PHOENIX -- After a first week in unfamiliar surroundings running through unfamiliar drills with unfamiliar teammates, outfielder Norichika Aoki arrived at Maryvale Baseball Park on Saturday to a welcome sight: His name on the Brewers lineup card, written carefully in Japanese kanji.
"I'm just happy that they took the time to learn how to write my name in Japanese," Aoki said. "It's really good."
That someone was Brewers bench coach Jerry Narron, whose lineup cards are daily works of art. He writes all of the names in calligraphy, and since 2001, when Narron was with Texas and Ichiro Suzuki debuted in Major League Baseball with Seattle, has used traditional symbols for the Japanese players. Narron consulted with Aoki's translator, Kosuke Inaji, to learn Aoki's name.
Why does he do it?
"It's respect," Narron said.
Aoki's symbol is far less complicated than Takashi Saito's, the veteran reliever who pitched for the Brewers last season.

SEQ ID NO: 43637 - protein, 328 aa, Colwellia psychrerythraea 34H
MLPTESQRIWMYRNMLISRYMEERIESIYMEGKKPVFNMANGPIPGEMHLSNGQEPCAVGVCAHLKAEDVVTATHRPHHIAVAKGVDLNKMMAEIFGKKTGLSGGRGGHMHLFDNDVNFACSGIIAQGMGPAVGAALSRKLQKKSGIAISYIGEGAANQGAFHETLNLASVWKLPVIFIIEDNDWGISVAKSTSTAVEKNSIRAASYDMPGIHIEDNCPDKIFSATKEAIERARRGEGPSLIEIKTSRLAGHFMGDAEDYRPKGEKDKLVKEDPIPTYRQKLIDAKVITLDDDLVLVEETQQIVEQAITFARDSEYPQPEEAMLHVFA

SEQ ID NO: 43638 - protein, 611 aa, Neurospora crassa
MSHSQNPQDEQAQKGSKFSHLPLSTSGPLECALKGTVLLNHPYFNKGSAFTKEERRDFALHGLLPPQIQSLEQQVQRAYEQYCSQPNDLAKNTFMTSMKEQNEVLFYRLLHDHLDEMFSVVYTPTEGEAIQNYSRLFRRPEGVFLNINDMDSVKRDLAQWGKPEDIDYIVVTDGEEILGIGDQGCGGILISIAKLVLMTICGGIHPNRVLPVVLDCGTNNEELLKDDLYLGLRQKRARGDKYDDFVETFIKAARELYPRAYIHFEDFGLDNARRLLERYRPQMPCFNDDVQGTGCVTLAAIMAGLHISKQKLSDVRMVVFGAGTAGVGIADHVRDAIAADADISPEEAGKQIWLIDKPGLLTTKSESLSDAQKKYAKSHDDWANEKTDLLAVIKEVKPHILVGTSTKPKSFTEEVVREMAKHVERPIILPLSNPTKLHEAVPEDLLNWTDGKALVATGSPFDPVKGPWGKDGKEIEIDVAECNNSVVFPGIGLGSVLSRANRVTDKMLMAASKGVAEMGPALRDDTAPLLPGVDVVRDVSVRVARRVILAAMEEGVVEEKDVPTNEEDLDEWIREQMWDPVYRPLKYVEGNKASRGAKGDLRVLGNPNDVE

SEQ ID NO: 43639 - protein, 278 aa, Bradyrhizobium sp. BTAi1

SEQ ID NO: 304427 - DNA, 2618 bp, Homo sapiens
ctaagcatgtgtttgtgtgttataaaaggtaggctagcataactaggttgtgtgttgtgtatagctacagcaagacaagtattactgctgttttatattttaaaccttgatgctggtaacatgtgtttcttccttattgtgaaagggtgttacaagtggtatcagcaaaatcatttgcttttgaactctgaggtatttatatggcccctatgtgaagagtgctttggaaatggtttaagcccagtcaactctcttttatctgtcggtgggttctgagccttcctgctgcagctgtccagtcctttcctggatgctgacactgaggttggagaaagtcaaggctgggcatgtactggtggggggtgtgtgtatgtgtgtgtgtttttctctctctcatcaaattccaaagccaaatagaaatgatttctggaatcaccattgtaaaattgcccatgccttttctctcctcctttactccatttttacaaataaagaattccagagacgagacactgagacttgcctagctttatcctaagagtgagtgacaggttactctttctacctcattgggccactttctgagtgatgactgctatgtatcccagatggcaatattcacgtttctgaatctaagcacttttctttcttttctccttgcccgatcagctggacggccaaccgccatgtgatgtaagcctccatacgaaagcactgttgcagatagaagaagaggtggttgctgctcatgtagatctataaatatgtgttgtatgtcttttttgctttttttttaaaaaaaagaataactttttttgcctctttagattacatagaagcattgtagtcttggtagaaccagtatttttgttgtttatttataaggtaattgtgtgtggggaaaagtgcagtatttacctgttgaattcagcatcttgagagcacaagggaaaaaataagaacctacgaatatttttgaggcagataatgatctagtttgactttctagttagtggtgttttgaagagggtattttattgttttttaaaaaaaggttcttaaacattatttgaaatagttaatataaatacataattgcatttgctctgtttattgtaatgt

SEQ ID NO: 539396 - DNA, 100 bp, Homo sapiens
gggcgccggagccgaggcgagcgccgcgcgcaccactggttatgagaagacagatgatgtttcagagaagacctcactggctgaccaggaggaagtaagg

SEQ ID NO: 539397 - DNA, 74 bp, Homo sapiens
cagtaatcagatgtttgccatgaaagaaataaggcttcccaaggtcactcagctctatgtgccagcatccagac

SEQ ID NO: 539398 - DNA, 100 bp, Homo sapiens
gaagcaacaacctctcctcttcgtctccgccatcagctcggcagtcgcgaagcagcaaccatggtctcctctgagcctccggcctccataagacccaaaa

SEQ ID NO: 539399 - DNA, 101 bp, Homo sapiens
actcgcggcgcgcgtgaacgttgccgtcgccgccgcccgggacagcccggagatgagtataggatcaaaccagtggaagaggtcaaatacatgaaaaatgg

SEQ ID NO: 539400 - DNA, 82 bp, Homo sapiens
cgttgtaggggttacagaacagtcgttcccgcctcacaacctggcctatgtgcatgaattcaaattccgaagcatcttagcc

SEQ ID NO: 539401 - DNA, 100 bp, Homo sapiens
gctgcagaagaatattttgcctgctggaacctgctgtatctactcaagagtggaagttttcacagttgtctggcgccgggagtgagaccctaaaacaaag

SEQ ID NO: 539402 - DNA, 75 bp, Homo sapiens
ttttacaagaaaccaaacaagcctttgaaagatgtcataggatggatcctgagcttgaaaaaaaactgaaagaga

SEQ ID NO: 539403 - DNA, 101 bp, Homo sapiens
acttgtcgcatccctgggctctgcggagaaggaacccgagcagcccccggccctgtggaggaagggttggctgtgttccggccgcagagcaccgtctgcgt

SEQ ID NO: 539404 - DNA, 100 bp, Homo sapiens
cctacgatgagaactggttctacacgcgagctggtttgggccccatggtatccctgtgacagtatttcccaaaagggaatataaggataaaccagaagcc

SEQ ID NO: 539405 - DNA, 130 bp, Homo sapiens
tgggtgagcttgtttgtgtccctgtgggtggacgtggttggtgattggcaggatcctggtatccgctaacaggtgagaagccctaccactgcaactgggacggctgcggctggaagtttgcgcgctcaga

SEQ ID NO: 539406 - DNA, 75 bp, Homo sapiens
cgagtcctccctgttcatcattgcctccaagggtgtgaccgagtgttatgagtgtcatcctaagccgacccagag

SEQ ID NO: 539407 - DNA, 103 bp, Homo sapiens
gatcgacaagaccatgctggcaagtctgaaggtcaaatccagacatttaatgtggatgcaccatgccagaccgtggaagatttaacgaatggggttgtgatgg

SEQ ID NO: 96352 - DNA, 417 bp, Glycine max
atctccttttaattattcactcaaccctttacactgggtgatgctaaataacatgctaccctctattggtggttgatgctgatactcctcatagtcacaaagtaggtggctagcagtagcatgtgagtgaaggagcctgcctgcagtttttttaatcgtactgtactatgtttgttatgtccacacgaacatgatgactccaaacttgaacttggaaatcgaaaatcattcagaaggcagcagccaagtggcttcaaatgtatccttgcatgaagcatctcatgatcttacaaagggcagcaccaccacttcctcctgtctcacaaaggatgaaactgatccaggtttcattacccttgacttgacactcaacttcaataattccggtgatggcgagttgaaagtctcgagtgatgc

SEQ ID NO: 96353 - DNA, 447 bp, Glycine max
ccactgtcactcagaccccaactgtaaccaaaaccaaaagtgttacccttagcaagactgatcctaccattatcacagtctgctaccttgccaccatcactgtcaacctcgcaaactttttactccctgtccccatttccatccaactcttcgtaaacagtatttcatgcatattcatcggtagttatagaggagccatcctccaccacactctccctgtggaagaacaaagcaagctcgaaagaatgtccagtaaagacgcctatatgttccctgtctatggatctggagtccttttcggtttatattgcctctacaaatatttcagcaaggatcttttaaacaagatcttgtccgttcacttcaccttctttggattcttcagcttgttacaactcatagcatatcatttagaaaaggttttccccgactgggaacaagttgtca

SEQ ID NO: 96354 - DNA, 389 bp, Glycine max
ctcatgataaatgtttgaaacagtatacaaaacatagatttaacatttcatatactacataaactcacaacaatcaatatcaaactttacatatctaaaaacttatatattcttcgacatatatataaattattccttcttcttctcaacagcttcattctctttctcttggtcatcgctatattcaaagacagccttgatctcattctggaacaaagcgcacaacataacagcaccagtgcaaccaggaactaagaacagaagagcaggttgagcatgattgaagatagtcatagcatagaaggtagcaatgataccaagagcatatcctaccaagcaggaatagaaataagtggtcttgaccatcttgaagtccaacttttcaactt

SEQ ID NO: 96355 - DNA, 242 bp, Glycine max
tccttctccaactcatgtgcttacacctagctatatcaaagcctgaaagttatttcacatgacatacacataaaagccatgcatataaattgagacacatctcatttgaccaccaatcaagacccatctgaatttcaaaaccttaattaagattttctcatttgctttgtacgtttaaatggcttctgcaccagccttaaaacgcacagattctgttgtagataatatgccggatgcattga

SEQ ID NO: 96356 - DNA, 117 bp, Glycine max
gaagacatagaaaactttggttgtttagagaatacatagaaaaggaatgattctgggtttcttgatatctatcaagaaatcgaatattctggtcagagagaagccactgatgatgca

Saito was already a Major League veteran when he joined the Brewers, but Aoki is different. The Brewers won his rights from the Tokyo Yakult Swallows, then signed him to a two-year contract. One of Aoki's biggest adjustments has been the workouts themselves, which run far longer in Japan. Aoki typically reports early and stays late to take extra swings in the batting cage.
He says he's felt welcomed in the clubhouse.
"It's a great environment here," Aoki said. "I'm just trying to fit in as well as possible."
The Brewers have another player in camp of Japanese descent in first baseman Travis Ishikawa, whose great-grandfather emigrated from Japan to California to work the railroads. Ishikawa said he was content seeing his name written in English.
Adam McCalvy is a reporter for MLB.com. Read his blog, Brew Beat, and follow him on Twitter at @AdamMcCalvy. This story was not subject to the approval of Major League Baseball or its clubs.